Milt does not have any of the cement blocks; the broken ones were taken by the late Gene Autry. Milt did piece them together and did tracings, which were mounted on styrofoam blocks, that looked like cement, which were mounted at the old Variety Arts Building in downtown LA. They were removed when he gave up that location. They are in our storage unit.

The rep had no idea if Shirley’s had ever been in Milt’s collection, nor did he seem to have an easily accessible inventory list. I hate dead ends.

On a related Shirley note, here’s a vintage ticket from the Earl Carroll Theatre which just happened to be on Shirley’s 14th birthday, April 23, 1942:


See more Shirley Temple photos at my main website.

Monday, June 14, 2021

Disneyland Has Character, Pt. 1


A June 1970 shot of the Three Little Pigs. This version of the Pigs is special to me because this is exactly how they looked when I met them at my first visit to the Park, December 1970.

Here’s a closer look at one of them:


Here I am, posing with my cousins:


…and how The Pigs looked during the early years, circa 1959:


See more Disneyland Character photos at my main website.

Thursday, June 10, 2021

Disneyland Pack Mule Entrance, 1961


I’m all about capturing that sense of entrance, and finally I have a decent color shot of the queue for the Pack Mule attraction. Yes, these are the things I am fueled by. This October 1961 shot also captures a man sitting patiently with his crutches. Maybe he had fallen off one of the mules already.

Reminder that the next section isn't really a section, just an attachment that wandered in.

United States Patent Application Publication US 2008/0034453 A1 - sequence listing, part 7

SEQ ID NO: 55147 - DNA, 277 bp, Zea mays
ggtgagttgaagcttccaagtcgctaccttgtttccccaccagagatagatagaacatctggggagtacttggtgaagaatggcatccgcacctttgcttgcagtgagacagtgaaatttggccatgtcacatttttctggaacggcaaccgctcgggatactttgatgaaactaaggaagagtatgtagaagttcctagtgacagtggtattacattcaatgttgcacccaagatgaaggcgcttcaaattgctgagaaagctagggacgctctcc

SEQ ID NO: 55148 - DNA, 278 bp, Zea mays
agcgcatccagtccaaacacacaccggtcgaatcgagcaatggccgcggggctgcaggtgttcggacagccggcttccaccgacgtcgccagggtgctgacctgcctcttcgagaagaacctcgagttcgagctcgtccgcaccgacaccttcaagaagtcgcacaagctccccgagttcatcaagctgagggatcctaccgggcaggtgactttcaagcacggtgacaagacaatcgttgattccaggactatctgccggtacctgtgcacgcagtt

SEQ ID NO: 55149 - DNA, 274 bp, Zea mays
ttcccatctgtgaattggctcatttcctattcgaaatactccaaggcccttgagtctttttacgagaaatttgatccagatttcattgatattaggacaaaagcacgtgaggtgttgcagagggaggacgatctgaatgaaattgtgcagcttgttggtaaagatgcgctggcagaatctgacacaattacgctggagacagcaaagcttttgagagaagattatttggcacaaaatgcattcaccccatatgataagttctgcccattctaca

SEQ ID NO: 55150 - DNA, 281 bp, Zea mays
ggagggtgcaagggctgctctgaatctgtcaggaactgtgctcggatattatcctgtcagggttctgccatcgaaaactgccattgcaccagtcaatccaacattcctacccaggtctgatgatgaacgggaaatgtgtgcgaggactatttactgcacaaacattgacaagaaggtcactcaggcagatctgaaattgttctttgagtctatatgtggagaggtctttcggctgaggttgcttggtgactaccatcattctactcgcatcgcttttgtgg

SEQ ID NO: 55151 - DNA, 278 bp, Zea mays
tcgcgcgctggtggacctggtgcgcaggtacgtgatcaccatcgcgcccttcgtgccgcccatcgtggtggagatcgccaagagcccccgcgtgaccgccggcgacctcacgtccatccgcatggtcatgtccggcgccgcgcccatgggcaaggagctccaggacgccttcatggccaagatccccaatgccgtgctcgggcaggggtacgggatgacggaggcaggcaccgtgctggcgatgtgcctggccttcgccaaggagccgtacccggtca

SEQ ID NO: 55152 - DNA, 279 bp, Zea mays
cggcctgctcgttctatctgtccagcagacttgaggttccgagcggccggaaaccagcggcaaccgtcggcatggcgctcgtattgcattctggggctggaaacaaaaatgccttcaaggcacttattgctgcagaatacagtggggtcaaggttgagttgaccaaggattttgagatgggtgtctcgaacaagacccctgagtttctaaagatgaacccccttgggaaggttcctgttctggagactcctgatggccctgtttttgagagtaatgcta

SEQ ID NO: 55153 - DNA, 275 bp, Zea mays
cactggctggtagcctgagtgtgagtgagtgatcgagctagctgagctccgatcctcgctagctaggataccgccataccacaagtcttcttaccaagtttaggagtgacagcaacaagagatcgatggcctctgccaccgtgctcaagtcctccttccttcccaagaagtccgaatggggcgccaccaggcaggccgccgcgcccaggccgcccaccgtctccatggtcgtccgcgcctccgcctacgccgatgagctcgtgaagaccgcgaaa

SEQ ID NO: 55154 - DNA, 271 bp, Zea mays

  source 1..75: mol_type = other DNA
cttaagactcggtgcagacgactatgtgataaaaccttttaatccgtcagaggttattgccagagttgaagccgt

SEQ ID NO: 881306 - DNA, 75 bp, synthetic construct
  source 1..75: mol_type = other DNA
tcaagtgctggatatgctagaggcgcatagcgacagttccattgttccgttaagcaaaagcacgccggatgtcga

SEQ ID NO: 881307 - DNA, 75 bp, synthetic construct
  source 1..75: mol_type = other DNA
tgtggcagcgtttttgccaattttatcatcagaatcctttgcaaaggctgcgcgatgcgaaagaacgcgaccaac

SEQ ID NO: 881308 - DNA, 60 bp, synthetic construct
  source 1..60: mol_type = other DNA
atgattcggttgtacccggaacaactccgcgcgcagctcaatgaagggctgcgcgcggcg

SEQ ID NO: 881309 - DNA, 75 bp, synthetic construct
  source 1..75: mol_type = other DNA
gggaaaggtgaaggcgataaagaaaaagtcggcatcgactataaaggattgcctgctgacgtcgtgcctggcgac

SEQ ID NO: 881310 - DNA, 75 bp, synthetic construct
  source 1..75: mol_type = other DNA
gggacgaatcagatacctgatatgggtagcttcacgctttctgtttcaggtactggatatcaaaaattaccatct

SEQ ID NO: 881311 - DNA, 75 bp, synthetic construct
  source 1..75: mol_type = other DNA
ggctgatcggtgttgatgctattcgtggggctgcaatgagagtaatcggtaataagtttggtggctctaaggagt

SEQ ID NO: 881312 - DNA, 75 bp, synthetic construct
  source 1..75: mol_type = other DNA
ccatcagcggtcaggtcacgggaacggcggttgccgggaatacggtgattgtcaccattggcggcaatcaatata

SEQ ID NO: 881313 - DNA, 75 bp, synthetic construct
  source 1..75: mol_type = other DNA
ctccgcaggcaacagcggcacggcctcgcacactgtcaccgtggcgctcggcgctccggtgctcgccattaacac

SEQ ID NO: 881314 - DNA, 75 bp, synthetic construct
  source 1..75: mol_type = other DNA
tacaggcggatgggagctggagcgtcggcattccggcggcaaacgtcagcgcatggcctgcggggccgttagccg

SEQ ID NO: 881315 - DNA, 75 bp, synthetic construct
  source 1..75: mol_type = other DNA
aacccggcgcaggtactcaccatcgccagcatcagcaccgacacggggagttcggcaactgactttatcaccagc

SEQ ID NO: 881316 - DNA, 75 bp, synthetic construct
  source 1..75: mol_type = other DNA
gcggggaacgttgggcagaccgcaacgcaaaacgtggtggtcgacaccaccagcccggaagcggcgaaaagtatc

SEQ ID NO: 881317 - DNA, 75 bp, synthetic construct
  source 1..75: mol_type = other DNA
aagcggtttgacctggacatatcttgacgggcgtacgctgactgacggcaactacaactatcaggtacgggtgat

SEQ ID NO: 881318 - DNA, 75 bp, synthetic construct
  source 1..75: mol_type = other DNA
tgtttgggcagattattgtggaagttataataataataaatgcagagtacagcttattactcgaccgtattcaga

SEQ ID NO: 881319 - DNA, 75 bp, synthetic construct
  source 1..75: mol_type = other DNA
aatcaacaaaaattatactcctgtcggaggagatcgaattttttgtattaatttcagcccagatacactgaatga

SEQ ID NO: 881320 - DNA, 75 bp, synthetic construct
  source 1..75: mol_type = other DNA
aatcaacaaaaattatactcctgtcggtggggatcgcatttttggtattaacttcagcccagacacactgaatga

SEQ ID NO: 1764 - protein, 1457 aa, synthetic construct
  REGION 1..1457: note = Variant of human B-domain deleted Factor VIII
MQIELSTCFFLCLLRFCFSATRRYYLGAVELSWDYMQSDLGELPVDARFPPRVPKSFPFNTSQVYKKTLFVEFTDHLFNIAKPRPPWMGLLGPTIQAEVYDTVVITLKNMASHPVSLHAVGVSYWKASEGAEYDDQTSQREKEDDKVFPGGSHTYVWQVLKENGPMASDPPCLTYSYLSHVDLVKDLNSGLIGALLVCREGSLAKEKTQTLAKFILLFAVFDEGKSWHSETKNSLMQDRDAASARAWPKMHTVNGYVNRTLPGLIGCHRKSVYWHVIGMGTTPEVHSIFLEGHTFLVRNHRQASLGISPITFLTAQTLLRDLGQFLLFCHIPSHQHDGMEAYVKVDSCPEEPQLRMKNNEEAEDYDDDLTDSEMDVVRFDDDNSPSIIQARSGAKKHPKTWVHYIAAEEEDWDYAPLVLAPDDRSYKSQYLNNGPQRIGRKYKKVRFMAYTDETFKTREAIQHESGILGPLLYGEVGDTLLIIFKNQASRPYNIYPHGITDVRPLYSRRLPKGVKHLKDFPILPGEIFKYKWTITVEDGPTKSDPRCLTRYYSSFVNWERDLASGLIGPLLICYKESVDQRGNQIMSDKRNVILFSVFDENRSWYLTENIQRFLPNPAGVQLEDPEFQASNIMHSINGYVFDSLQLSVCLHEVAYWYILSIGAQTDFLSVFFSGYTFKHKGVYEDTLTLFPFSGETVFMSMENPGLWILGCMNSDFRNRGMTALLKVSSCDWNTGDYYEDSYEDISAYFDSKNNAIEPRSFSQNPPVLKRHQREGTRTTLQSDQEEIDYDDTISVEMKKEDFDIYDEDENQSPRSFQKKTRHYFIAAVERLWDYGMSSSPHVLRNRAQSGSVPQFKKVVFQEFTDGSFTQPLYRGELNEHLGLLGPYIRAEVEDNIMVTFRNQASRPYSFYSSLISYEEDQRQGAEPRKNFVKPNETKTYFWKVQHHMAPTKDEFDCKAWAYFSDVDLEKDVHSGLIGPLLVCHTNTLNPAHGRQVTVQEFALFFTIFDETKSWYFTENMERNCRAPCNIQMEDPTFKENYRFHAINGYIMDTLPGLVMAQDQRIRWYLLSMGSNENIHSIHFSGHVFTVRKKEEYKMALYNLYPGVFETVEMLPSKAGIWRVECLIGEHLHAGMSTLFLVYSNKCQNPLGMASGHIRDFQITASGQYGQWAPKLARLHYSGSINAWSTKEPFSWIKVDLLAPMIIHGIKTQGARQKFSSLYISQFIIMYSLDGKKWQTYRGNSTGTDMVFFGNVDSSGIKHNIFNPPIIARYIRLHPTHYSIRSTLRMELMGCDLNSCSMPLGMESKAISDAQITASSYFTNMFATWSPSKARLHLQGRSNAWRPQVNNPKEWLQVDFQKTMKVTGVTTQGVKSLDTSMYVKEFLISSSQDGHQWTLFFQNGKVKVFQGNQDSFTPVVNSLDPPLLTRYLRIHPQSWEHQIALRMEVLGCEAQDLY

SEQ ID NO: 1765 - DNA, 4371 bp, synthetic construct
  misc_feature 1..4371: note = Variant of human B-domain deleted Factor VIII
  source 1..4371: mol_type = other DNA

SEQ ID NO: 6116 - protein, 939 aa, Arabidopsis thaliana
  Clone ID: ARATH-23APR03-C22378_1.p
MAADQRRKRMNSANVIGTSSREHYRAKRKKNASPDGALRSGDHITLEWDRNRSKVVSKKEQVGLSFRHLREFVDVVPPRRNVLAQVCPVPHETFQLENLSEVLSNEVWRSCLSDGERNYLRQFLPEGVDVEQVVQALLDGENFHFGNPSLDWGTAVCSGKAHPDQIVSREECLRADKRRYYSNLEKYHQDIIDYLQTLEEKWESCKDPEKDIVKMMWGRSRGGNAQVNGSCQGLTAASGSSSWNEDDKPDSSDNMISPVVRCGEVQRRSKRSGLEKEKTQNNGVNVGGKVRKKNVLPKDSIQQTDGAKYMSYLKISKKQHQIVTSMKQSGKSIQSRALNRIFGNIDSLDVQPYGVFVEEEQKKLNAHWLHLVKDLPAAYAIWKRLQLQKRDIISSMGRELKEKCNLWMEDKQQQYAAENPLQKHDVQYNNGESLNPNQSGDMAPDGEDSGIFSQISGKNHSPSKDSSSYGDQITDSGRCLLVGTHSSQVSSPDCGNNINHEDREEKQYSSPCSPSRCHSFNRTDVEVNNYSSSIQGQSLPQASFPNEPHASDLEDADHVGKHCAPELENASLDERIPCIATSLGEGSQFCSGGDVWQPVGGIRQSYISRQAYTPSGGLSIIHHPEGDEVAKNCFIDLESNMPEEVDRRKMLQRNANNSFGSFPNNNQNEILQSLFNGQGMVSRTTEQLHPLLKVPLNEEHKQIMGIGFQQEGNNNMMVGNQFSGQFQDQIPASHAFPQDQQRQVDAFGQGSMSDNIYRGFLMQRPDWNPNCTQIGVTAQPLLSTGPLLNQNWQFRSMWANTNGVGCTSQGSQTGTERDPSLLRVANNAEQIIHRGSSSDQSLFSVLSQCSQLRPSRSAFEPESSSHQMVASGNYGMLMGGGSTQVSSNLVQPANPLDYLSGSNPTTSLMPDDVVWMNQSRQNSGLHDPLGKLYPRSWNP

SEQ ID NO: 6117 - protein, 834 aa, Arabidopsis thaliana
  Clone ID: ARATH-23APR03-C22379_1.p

Here’s the undated shot I already had in my collection. Yes, I’m all about the upgrade.


This one does give a better view of the signage though, which is also high on my priority list. I would just barely make the weight limit of 195. Good thing I skipped dessert last night.


See more vintage Disneyland Pack Mule attraction photos at my main website.

Wednesday, June 09, 2021

The Wrong Mouse at Disneyland, 1958


Here’s a happy little tot aboard the Disneyland Chicken of the Sea Pirate Ship, February 1958. Somebody needs to tell him he’s promoting the wrong mouse.



This September 1961 image shows the recently added Skull Rock Cove area, which ranks close to #1 for my favorite “lost” areas at the Park. Great for exploration, relaxation, hiding, and pretty durn cool photos.


What the area looked like before Skull Rock:


What a snoozer!!


See more vintage Disneyland Chicken of the Sea Pirate Ship Restaurant photos at my main website.

Tuesday, June 08, 2021

Temple Tuesday: No Parking at the Bungalow


This adorable shot was taken in 1936. From the publicity caption:

SHIRLEY TEMPLE PROUDLY DISPLAYS HER OWN CAR — before her bungalow on the 20th Century-Fox lot, the famous child actress is enjoying many thrills with her midget speedster, a birthday gift from the Knickerbocker automobile works of New York and Bill Robinson, the famous tap dancer. The car is powered by single cylinder motorcycle engine with a top speed of ten miles an hour. Shirley conquered its mechanism in a single trip around the block.


In this 1940’s shot, it appears that the hood ornament had bit the dust; maybe Shirley figured out how to increase the speed over 10 mph.


When the car came up for auction in 2015, it came with a hood ornament. Looks better with it, don’t you think? Whether Shirley had a replica made or not is unknown.